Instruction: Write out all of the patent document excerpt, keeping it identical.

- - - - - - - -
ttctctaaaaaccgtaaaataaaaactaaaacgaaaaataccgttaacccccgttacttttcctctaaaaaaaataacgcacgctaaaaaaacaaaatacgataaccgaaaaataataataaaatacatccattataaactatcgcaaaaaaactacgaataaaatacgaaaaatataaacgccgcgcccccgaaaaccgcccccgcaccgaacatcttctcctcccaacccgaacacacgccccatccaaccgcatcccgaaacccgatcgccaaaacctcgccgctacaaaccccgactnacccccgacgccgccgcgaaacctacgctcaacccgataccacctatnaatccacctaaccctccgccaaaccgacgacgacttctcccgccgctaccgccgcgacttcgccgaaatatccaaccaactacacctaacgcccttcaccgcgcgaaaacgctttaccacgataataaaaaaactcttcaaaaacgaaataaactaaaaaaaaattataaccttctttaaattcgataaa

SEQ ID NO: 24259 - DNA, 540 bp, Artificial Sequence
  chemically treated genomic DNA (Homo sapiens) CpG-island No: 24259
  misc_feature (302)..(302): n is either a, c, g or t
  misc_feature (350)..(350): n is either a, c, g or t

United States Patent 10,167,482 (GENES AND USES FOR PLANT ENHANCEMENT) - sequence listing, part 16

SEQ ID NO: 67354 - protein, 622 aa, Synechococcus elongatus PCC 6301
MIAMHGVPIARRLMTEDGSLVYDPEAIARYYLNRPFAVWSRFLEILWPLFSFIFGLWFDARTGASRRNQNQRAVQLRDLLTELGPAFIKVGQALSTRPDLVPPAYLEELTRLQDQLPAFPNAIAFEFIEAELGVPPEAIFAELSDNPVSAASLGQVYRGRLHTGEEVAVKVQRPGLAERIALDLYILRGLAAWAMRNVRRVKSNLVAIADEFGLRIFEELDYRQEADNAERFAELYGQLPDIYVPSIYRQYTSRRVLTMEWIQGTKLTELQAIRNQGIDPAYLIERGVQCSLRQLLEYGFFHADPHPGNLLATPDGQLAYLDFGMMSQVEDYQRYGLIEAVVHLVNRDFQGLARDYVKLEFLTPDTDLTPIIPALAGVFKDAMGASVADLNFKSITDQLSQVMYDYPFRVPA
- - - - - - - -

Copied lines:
ttctctaaaaaccgtaaaataaaaactaaaacgaaaaataccgttaacccccgttacttttcctctaaaaaaaataacgcacgctaaaaaaacaaaatacgataaccgaaaaataataataaaatacatccattataaactatcgcaaaaaaactacgaataaaatacgaaaaatataaacgccgcgcccccgaaaaccgcccccgcaccgaacatcttctcctcccaacccgaacacacgccccatccaaccgcatcccgaaacccgatcgccaaaacctcgccgctacaaaccccgactnacccccgacgccgccgcgaaacctacgctcaacccgataccacctatnaatccacctaaccctccgccaaaccgacgacgacttctcccgccgctaccgccgcgacttcgccgaaatatccaaccaactacacctaacgcccttcaccgcgcgaaaacgctttaccacgataataaaaaaactcttcaaaaacgaaataaactaaaaaaaaattataaccttctttaaattcgataaa

SEQ ID NO: 24259 - DNA, 540 bp, Artificial Sequence
  chemically treated genomic DNA (Homo sapiens) CpG-island No: 24259
  misc_feature (302)..(302): n is either a, c, g or t
  misc_feature (350)..(350): n is either a, c, g or t

United States Patent 10,167,482 (GENES AND USES FOR PLANT ENHANCEMENT) - sequence listing, part 16

SEQ ID NO: 67354 - protein, 622 aa, Synechococcus elongatus PCC 6301
MIAMHGVPIARRLMTEDGSLVYDPEAIARYYLNRPFAVWSRFLEILWPLFSFIFGLWFDARTGASRRNQNQRAVQLRDLLTELGPAFIKVGQALSTRPDLVPPAYLEELTRLQDQLPAFPNAIAFEFIEAELGVPPEAIFAELSDNPVSAASLGQVYRGRLHTGEEVAVKVQRPGLAERIALDLYILRGLAAWAMRNVRRVKSNLVAIADEFGLRIFEELDYRQEADNAERFAELYGQLPDIYVPSIYRQYTSRRVLTMEWIQGTKLTELQAIRNQGIDPAYLIERGVQCSLRQLLEYGFFHADPHPGNLLATPDGQLAYLDFGMMSQVEDYQRYGLIEAVVHLVNRDFQGLARDYVKLEFLTPDTDLTPIIPALAGVFKDAMGASVADLNFKSITDQLSQVMYDYPFRVPA